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Blog articles share my experience and expertise in personal development, mental wellness, entrepreneurial and business development, and law.

Aiming for Perfection...and Landing in Depression

Nicole Cameron

"The condition, state, or quality of being free or as free as possible from all flaws or defects"

"The action or process of improving something until it is faultless or as faultless as possible"

That is perfection.  Who doesn't want to be perfect? Whether we like to admit it or not, deep down inside, there is a perfectionist dwelling inside of us. It is the reason why we strive for success, excellence, happiness, beauty, etc.  There are plenty of reasons why perfection appeals to us, and there's usually some tangible, or intangible, benefit attached to it.  It is the reason why we seek validation, acceptance, and respect, among other things.  It is the reason why we care about how others perceive us. You probably read the last sentence and thought to yourself, "nah, I don't care about how others perceive me!" but I'm telling you, you do! If you don't care about how you're perceived, then who is going to acknowledge your perfection? How else will you measure your perfection? 

Perfection is subjective and will look and feel different for each person, but for the most part, perfection is defined by the standard we've set for ourselves.  The truth is, that standard may never be met.  You may think you've done your very best, but seeing it better executed by someone else may cause you to raise your standard to compete with theirs--hence the sayings "practice makes perfect" and "perfect your craft".  This is the process of improving something until it is faultless, or as faultless as possible.  Some people may say it's growth, but it's really growth toward perfection.  

Others may have reached that pinnacle of perfection. Some people have the perfect career, the perfect interior decorated house, and the perfect car; or the perfect marriage, and the perfect family.  The perfect this and the perfect that!  You know, the "their perfect, has nothing on your perfect," type of perfect!  I mean come on with all this perfection!  It's just enough to make you want to continuously perfect your craft so you can be on their level.  But we only see the finished, polished product.  We do not realize the hard work that it took to get there, the mental suffering they may have faced along the way, or the damage done to our self-esteem caused by comparing and competing.  I'll be the first to say, there is nothing wrong with striving for perfection.  However, perfection comes with a price and it is maintained at the expense of our mental health.  When the image is tainted and things begin to fall apart, while quite humbling at the least, the despair becomes too much to handle.  It leads to depression, anxiety, substance abuse, eating disorders, and even worse, suicide.  When obsessing over perfection becomes detrimental to your mental health, it is time to reevaluate the standards you've set.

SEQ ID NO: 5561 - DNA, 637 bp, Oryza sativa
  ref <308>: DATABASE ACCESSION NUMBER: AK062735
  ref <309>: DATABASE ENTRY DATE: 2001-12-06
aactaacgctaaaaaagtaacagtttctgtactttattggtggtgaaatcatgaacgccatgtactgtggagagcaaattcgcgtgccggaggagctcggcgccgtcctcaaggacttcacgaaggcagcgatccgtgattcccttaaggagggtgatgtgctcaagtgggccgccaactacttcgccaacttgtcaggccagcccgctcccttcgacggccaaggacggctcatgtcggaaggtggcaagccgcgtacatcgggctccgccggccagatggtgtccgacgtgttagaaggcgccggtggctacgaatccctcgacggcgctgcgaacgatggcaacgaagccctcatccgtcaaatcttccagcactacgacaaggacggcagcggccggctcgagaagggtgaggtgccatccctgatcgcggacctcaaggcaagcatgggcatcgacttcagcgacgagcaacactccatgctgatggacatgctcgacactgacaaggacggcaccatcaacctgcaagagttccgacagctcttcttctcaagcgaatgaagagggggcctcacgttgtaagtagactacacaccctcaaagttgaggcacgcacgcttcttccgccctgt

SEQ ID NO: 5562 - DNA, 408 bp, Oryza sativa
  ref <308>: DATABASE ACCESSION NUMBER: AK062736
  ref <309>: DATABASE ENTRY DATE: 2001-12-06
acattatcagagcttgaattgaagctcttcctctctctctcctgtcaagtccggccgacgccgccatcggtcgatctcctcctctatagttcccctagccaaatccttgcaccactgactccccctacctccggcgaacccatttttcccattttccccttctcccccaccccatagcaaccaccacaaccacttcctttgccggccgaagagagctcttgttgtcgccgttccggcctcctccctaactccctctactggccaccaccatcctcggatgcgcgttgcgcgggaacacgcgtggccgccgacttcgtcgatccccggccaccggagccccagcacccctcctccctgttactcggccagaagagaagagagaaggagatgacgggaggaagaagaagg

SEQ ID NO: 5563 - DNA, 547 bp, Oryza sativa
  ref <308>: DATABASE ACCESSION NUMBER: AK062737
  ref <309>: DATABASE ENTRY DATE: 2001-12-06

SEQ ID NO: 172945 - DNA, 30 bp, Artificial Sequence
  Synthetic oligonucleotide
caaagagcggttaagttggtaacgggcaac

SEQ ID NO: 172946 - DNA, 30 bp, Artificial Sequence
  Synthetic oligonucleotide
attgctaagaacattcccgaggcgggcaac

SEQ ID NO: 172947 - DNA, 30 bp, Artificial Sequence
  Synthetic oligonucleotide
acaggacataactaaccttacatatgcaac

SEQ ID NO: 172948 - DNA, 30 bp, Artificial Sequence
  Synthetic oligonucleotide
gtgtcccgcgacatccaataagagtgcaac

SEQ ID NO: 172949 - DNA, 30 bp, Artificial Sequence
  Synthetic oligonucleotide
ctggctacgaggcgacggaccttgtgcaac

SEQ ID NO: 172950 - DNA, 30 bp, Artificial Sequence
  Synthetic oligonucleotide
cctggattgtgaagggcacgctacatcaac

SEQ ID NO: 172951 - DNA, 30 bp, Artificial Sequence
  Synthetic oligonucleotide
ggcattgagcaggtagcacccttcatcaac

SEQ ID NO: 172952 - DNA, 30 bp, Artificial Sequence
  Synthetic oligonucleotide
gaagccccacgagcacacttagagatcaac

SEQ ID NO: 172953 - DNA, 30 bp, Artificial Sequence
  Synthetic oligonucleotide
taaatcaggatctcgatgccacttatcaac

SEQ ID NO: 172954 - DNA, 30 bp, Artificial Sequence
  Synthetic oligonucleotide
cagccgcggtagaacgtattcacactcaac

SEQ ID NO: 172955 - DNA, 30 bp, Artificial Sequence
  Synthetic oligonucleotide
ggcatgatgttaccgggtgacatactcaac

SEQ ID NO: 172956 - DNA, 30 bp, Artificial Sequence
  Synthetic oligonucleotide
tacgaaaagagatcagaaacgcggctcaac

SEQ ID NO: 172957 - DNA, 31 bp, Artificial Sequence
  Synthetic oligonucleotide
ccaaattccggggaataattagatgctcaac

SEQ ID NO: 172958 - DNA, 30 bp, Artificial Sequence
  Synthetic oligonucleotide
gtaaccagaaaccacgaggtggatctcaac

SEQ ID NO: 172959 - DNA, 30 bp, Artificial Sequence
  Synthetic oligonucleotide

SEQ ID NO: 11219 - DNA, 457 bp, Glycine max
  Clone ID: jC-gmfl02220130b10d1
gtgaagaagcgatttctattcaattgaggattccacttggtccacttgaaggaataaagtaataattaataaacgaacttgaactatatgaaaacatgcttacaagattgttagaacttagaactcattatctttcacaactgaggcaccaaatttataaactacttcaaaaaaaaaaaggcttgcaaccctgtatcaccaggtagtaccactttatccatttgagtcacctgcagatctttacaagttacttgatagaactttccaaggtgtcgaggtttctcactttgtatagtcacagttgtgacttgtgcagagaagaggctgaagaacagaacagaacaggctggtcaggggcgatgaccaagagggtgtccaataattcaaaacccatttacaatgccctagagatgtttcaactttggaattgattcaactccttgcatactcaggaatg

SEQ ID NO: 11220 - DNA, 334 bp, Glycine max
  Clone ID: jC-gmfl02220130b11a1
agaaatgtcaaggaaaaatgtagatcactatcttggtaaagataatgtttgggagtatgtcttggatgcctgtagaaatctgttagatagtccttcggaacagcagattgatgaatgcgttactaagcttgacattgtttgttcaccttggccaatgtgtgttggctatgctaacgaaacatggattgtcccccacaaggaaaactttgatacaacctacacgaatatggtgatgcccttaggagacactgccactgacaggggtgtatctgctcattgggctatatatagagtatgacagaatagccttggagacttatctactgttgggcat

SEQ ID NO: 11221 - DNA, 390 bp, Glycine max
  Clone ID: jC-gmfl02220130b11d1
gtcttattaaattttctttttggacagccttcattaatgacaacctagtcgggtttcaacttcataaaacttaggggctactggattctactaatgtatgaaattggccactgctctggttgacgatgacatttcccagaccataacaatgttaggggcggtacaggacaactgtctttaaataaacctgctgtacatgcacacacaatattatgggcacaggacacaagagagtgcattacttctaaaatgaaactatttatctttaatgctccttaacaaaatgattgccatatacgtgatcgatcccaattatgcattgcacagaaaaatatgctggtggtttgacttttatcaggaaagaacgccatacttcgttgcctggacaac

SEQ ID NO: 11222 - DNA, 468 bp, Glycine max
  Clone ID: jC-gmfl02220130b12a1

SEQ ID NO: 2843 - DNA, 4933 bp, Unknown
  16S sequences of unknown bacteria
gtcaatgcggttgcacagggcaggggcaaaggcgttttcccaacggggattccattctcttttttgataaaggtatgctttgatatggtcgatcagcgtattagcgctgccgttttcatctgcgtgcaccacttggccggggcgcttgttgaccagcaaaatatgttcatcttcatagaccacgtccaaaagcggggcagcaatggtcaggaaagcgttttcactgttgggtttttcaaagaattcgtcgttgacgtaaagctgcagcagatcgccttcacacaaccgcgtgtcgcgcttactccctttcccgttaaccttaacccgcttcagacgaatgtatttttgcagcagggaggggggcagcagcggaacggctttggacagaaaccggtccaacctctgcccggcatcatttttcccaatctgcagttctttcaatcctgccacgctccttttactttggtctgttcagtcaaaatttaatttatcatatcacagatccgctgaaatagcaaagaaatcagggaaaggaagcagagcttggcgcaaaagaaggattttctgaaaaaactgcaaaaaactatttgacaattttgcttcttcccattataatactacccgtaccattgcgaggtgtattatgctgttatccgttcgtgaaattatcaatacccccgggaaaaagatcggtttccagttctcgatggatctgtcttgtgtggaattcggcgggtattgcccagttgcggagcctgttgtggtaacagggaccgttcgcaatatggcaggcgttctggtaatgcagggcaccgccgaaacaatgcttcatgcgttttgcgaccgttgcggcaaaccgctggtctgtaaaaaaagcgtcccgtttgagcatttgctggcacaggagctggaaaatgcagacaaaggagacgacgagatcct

So here's my truth, I am a perfectionist!  I strive to be perfect in multiple areas of my life because I want to have more income, love and happiness, and respect and acceptance from my network.  However, at times, I agonize over the details way too much.  Whenever I put myself out there to be judged by others, I want to receive nothing short of a "10," but when I realize I am falling short, or someone points out areas of improvement, I am hard on myself.  Once upon a time, this triggered depression and anxiety.  I used to engage in negative self-talk and allow guilt and shame to consume my thoughts.  I became discouraged, withdrawn, and lacked the confidence needed to attempt the task again.  Being afraid to fail or being reminded of a previous failure, I procrastinated or sabotaged an opportunity. None of this was good for my personal development and growth.    

Self-discovery increased my self-awareness. Learning how to manage my expectations, being less critical of my actions, and embracing my imperfections, has helped me reduce the length of my depression and anxiety episodes.  Now, I strive for progression over perfection.  I've learned to show more self-compassion, and be less self-critical.  I encourage myself to remain motivated, rather than become discouraged or withdrawn.  I remind myself that things may not be as ideal as I prefer, and that it's okay.  Things do not always go as planned.  Maybe the timing isn't right.  Maybe I was at fault.  Or maybe, the reality is, I didn't work as hard as I thought.  And guess what? It's okay! As long as I learn from past mistakes and strive to do my best, I will grow into the best version of me!

What has been your experience with perfectionism? What can you learn from past mistakes to help you progress? I'd love to hear from you in the comments.  Don't forget to like and subscribe for more!